News Tip: Expert Available for SCOTUS Decision on Alabama Voting Map

News Tip: SCOTUS Appears Likely to Uphold Federal Law in U.S. v. Rahimi, Expert Says

Summary: The U.S. Supreme Court on Thursday rejected a congressional voting map in Alabama because it diluted the power of Black voters, who made up the majority of the single district. Comments below from Duke University public policy professor Asher Hildebrand are available for use in your coverage.

“Today’s ruling in Allen v. Milligan is an encouraging sign that the Supreme Court isn’t ready to leave the Voting Rights Act for dead just yet,” says Asher Hildebrand, an associate professor of the practice at Duke University’s Sanford School of Public Policy.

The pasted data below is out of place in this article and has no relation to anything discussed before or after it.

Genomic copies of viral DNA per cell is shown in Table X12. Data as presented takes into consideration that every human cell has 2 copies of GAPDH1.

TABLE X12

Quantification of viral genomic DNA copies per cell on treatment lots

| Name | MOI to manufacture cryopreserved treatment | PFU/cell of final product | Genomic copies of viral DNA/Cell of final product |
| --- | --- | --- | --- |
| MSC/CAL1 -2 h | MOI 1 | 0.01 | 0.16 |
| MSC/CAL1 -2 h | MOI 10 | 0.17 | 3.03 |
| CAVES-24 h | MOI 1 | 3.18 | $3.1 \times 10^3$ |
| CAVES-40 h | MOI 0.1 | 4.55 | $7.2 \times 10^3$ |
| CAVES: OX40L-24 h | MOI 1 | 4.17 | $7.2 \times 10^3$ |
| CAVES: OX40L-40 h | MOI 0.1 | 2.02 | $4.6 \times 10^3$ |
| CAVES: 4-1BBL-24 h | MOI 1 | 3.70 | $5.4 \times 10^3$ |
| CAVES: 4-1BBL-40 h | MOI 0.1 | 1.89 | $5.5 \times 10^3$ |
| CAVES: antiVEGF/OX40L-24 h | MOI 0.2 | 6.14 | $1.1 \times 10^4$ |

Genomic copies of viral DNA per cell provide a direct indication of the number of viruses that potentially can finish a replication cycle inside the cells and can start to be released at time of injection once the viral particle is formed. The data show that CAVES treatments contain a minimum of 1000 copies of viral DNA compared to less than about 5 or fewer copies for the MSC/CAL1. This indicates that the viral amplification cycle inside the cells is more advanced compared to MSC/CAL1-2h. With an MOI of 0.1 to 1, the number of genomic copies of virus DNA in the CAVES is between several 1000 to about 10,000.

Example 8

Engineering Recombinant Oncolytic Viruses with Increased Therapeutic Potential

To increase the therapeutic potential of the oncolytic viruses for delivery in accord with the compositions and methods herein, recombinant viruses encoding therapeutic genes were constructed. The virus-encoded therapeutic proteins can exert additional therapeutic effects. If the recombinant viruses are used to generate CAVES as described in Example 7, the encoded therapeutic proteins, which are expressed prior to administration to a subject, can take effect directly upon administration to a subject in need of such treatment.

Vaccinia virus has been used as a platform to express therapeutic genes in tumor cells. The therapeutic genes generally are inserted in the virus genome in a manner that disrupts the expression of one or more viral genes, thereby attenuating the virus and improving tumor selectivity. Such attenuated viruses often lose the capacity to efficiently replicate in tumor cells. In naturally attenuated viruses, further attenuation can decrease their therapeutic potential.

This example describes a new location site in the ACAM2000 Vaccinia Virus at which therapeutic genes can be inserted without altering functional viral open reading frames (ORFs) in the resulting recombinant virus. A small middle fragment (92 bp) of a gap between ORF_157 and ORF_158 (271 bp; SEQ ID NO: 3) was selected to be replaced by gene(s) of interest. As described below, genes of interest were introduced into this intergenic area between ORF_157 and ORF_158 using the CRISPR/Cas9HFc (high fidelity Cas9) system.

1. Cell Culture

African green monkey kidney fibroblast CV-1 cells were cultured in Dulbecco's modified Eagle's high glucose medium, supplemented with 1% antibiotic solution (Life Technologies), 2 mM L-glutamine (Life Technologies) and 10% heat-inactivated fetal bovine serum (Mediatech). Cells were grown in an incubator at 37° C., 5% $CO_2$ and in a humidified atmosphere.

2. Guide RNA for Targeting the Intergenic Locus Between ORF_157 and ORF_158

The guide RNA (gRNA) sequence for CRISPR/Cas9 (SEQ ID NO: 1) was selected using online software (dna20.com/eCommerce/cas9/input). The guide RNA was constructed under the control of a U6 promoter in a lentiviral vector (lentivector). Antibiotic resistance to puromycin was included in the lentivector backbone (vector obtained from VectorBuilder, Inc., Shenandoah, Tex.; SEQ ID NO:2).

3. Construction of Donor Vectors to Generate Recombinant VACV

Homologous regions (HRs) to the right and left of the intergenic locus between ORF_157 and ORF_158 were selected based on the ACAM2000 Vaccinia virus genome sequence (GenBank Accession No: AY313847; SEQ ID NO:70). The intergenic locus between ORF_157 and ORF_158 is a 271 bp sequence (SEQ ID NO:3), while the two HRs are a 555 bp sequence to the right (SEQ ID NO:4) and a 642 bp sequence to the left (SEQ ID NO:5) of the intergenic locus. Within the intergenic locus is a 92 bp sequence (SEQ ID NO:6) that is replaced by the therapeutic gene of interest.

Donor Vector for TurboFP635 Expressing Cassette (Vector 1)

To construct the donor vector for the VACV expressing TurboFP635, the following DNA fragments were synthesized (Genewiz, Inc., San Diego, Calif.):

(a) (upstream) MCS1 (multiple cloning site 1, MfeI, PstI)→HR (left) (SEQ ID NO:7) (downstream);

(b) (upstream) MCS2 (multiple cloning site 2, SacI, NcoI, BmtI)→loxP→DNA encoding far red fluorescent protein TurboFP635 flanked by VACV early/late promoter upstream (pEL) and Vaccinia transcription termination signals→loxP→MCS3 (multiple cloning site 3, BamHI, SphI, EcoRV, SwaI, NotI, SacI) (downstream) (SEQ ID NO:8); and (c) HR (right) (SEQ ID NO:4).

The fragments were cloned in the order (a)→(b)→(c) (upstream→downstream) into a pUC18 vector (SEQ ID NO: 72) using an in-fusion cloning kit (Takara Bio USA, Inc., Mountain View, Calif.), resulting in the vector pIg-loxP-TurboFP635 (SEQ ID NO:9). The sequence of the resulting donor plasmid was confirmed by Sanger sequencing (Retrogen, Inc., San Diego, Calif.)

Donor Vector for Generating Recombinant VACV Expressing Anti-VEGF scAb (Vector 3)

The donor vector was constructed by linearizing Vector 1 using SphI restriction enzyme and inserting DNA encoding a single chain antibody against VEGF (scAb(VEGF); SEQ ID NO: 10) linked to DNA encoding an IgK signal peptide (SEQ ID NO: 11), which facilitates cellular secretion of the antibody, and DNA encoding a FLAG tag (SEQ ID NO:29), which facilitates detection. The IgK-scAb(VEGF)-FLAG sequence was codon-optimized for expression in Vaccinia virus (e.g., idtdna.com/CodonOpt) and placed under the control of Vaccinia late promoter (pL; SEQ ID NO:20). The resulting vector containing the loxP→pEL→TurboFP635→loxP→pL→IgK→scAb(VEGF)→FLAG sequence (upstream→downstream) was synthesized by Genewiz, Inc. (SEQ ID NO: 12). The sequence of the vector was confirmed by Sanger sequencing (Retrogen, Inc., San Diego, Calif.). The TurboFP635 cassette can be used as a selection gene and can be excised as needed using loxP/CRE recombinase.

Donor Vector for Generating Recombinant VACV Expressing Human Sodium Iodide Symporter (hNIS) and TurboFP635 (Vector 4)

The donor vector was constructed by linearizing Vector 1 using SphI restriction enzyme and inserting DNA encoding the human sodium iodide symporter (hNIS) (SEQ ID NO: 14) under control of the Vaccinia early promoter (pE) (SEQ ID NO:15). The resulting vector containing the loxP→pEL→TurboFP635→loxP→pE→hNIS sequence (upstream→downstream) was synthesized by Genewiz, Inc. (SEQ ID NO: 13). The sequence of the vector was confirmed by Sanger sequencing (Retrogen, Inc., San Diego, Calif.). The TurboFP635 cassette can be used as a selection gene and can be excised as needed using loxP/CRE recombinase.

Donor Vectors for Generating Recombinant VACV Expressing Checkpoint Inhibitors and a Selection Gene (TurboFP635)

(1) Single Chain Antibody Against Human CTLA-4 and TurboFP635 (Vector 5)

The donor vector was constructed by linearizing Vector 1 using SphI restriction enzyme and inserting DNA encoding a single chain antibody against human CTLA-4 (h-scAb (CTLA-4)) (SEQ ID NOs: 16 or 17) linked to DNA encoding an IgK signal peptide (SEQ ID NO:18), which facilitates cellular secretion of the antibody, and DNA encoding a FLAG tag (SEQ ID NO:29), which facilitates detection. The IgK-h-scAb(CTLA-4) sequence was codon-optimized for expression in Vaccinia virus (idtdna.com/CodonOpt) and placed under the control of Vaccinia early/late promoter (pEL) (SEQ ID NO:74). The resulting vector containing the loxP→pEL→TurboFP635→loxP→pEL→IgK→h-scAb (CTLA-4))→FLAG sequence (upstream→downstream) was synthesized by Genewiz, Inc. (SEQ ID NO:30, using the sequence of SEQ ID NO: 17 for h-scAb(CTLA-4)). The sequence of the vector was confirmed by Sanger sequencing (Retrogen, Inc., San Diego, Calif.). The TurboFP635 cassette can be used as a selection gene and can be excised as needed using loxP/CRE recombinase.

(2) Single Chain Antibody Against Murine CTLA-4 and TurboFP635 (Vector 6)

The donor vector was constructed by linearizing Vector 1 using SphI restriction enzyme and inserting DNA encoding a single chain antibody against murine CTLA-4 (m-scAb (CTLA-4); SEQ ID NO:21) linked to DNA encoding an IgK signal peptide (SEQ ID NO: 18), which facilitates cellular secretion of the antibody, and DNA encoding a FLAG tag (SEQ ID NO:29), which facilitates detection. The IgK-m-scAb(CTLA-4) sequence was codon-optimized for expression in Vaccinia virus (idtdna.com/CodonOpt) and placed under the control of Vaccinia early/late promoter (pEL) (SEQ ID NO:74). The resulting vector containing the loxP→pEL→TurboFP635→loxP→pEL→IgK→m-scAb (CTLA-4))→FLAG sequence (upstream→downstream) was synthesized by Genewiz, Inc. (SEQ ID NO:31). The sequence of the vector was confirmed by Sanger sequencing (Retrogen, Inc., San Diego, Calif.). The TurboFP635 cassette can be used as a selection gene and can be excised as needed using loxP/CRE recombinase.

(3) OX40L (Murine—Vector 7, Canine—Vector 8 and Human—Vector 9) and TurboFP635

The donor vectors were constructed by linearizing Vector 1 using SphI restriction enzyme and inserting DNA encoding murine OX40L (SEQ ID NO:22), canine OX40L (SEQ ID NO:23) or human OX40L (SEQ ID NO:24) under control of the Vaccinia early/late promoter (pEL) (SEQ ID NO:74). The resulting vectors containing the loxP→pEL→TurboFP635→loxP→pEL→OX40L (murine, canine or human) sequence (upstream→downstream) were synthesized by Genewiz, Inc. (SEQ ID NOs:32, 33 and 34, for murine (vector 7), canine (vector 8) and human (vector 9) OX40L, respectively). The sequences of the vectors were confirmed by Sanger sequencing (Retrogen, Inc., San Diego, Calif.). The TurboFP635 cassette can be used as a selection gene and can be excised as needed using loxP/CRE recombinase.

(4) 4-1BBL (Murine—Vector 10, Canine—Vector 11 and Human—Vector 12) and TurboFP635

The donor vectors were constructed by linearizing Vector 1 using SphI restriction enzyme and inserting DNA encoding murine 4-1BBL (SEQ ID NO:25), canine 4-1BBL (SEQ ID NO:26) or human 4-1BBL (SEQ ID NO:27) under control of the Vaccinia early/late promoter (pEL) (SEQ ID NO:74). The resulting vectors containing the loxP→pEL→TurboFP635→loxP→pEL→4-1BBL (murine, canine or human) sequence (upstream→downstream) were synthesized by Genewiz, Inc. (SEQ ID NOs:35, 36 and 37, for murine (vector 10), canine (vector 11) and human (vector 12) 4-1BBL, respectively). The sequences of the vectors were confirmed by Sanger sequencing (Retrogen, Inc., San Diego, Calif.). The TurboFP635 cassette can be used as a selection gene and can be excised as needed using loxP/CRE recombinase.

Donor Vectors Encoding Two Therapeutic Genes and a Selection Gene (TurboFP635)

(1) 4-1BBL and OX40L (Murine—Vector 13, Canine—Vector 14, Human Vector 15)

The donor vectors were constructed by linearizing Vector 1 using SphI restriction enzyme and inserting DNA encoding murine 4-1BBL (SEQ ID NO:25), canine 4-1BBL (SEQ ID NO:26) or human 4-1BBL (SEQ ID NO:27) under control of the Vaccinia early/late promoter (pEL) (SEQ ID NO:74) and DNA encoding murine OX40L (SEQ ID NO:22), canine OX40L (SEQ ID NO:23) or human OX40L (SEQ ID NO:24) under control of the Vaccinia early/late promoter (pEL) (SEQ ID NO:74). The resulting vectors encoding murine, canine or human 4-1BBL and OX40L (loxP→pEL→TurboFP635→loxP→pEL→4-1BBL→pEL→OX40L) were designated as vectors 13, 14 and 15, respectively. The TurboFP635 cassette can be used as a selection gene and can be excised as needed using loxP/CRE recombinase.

“Its immediate impact will be to give the people of Alabama, Louisiana and other states fairer representation in Congress, but its broader significance is to reaffirm for all states that racial gerrymandering remains unconstitutional.”

Asher Hildebrand is an associate professor of the practice at the Sanford School of Public Policy. Hildebrand served for nearly 15 years in congressional offices and on campaigns. He was formerly chief of staff to U.S. Representative David Price (D-NC).

For additional comment, contact Asher Hildebrand at:

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